What follows is 15 minutes of amazing, cardboard and plywood sets, fantastic facial hair, werewolf suits, and terrible, terrible Russian accents. I loved every single second of it.
Showtime returns with the second season of Short Stories, their series of short, animated films. They also brought back PES and his stop-motion wizardry to follow up last season’s beautiful “Deep”. This time around it’s Fresh Guacamole, a simple recipe for the ever popular, grenade-based party dip.
Winner of the 2012 Academy Award for Best Animated Short Film, William Joyce and Brandon Oldenburg’s The Fantastic Flying Books of Mr. Morris Lessmore tells the story of a young man whisked away (along with the rest of his town) by a great wind. In a desolate, gray landscape he is lead to a library full of living, flying books and becomes its caretaker, all the while writing a book of his own.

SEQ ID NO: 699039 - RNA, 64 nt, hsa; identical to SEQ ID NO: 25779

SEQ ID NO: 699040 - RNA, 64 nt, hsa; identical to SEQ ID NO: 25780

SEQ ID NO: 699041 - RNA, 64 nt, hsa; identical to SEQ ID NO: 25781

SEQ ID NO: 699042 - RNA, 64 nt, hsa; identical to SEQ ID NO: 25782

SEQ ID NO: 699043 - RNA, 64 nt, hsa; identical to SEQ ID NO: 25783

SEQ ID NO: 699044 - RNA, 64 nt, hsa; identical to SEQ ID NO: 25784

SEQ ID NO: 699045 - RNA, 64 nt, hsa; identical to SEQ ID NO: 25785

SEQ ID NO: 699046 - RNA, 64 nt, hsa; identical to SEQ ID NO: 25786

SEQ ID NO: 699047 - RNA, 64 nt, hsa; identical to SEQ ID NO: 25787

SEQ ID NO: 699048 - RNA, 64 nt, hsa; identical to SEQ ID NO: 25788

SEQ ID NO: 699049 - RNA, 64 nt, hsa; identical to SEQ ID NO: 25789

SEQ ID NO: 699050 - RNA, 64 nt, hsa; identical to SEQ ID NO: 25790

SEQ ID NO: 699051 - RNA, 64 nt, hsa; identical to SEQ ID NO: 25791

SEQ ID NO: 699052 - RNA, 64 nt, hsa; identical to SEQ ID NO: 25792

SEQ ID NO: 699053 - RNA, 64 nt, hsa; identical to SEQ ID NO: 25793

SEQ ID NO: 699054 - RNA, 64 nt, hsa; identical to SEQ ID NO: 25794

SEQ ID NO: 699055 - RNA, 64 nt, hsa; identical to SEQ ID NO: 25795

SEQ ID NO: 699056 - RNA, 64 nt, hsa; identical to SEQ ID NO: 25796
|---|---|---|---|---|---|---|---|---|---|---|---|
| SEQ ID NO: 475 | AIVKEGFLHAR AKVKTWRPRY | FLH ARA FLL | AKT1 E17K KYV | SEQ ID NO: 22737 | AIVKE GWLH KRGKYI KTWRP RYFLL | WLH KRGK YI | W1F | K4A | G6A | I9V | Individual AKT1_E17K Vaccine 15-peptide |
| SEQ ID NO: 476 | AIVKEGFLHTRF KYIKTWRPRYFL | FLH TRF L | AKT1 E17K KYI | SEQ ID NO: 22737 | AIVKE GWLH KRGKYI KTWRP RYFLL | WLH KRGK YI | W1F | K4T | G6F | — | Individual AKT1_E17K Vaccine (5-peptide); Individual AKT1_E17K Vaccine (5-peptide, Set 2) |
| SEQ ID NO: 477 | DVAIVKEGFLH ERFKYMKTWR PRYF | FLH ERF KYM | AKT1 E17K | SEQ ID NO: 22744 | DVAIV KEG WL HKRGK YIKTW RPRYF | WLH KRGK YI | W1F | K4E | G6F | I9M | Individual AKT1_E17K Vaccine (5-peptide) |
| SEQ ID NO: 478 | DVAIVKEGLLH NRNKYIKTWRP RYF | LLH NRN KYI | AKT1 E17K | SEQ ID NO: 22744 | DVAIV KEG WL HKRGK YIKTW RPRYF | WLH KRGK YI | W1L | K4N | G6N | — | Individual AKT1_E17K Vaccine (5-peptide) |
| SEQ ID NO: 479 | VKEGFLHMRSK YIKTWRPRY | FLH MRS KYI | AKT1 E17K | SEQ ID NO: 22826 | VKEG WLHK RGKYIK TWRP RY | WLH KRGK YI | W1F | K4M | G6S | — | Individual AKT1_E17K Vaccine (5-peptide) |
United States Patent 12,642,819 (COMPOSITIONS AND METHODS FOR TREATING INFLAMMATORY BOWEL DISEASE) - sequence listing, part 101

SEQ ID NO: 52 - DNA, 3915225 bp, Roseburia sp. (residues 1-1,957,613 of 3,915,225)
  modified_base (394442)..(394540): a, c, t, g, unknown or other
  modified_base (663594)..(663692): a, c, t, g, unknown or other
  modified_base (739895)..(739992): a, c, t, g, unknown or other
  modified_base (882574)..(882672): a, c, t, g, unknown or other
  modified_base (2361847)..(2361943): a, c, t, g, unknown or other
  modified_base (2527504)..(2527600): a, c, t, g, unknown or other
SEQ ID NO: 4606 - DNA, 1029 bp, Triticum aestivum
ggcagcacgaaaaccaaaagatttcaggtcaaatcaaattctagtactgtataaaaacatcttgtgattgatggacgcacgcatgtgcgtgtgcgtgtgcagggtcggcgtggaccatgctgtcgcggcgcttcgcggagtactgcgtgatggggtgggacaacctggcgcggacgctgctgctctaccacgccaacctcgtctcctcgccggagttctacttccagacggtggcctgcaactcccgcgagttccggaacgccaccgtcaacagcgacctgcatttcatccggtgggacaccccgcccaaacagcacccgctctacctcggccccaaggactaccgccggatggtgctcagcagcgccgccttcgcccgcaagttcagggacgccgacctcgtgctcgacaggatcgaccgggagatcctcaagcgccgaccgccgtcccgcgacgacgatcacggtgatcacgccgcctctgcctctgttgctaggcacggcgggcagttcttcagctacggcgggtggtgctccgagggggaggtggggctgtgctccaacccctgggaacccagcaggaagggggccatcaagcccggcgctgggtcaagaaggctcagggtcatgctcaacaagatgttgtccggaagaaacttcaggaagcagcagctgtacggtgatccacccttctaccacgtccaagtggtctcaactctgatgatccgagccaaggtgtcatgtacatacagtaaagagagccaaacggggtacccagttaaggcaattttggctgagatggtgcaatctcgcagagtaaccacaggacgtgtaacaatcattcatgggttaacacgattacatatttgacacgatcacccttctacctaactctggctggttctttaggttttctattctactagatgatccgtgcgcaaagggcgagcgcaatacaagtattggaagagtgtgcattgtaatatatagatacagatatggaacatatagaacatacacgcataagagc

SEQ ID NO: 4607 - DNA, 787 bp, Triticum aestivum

Beautifully told without words, the Lessmore has both the look and mannerisms of a Keaton-esque silent film star. The books, too, are imbued with a fantastic sense of life, despite their limited ability to emote. Lessmore’s main, Humpty Dumpty-like companion is especially well done, the flipping of illustrated pages allowing it to portray more complex emotions. Along with an understated score, it’s a lovely, sweet story. I had meant to watch this before the Oscars, and seeing it now, I find it most deserving of its honors.
Posted by Ross Rosenberg on March 8th, 2012